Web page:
Little kids sometimes get antsy at a very long Seder (they aren't the only ones, either) …. but there’s many creative ways they can be amused and still involved in the holiday. Here are a few more suggestions from EtsyChai Team members on their holiday traditions … be sure to leave comments of your own solutions, too!
“We go around the table reading the Haggadah--no one has to, but generally anyone who can read does at least a paragraph when it's their turn. That & the anticipation of the meal seems to keep our teens in check. My cousin usually serves hors d'oeuvres in advance, too, which helps. We haven't had any littles at our Seders for awhile, but with a new batch coming up.....
In fact, newest granddaughter celebrates her 1st birthday this week & has just started walking, so it should be interesting--last year she was happy in a lap.
Maybe our 7-year old granddaughter will be here too--depends on her school vacation. She'd probably like a coloring book, but is also very interested & will probably try to read.
My 1st cousin, of blessed memory, used to be our patriarch, & liked to move things along quickly. Now Seth is technically the patriarch (he does do boray pri hagofen) but is not technically Jewish, and my cousin's now-grown granddaughter is becoming more religious so the Seder's been getting a bit longer.
It evolves as the family does--this year a runabout, 2 new in-laws, 2 babies on the way. Next year, who knows?”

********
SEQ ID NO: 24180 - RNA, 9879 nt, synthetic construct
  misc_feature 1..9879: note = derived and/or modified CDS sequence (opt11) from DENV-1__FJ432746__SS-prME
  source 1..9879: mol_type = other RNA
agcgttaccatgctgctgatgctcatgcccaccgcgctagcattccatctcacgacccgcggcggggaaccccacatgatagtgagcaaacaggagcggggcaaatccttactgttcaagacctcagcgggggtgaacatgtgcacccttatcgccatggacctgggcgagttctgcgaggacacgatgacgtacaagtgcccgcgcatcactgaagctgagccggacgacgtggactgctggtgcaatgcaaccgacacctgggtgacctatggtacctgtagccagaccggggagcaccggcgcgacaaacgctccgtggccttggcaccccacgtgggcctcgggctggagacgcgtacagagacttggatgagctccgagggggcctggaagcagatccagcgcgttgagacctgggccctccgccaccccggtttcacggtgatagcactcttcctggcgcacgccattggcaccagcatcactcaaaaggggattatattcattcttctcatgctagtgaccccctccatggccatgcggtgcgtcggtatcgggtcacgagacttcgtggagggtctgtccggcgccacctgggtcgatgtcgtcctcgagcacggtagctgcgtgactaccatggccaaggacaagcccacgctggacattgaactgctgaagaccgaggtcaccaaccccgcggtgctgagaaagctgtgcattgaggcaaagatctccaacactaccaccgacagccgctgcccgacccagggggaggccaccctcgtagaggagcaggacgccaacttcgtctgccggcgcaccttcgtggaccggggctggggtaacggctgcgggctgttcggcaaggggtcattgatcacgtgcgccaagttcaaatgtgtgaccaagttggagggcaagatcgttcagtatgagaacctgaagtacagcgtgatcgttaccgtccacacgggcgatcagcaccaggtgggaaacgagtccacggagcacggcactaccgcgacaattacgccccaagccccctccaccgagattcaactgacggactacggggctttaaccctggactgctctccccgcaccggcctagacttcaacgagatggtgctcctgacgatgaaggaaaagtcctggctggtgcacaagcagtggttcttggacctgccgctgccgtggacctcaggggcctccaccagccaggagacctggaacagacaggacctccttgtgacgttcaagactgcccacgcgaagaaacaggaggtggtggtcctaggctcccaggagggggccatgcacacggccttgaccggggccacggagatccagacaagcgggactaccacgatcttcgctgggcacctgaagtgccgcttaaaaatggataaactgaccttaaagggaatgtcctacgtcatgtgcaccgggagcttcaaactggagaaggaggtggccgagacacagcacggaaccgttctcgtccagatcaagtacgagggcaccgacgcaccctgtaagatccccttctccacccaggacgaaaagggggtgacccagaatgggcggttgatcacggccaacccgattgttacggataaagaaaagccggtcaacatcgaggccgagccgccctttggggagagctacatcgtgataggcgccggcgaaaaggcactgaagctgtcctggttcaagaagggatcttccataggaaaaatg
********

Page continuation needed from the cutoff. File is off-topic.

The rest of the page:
Tammy of Tamdoll’s SILVER Mountain Originals said:
“When my kids were little, I always worked to keep them excited and engaged. For a couple of years, I cut back the length of the Seders by using a children’s version of the Haggadah and supplying all the kids with their own copies, complete with crayons to color in the coloring-book pages. (My Very Own Haggadah was the title of one that I’ve used, but couldn’t find a link to include here.) Passing on the traditions and telling the story were more important to me than making sure we filled in every detail and frustrating the little ones.
As time passed, we’ve upgraded to a family Haggadah and everyone, guests included, takes part in the Seder, asking questions and reading parts in Hebrew and English. My husband makes sure to throw out some “plagues” (toy frogs) at the appropriate time, and our table is usually covered in the drawings of Seder plates and decorative Elijah cups that the girls have made in religious school over the years (I store them with the Seder plates and dishes.)
In the preschool years, they decorated felt squares with glue, threads, little gems and beads and glued them to another square with some stuffing in the center – creating little pillows for all of our guests to lean on. They were proud to have done this contribution and each year, I take them out again to use.”
Here’s an interesting article over at Linda’s blog - “The Search for Hametz” -
How do you keep everyone engaged at your Seder?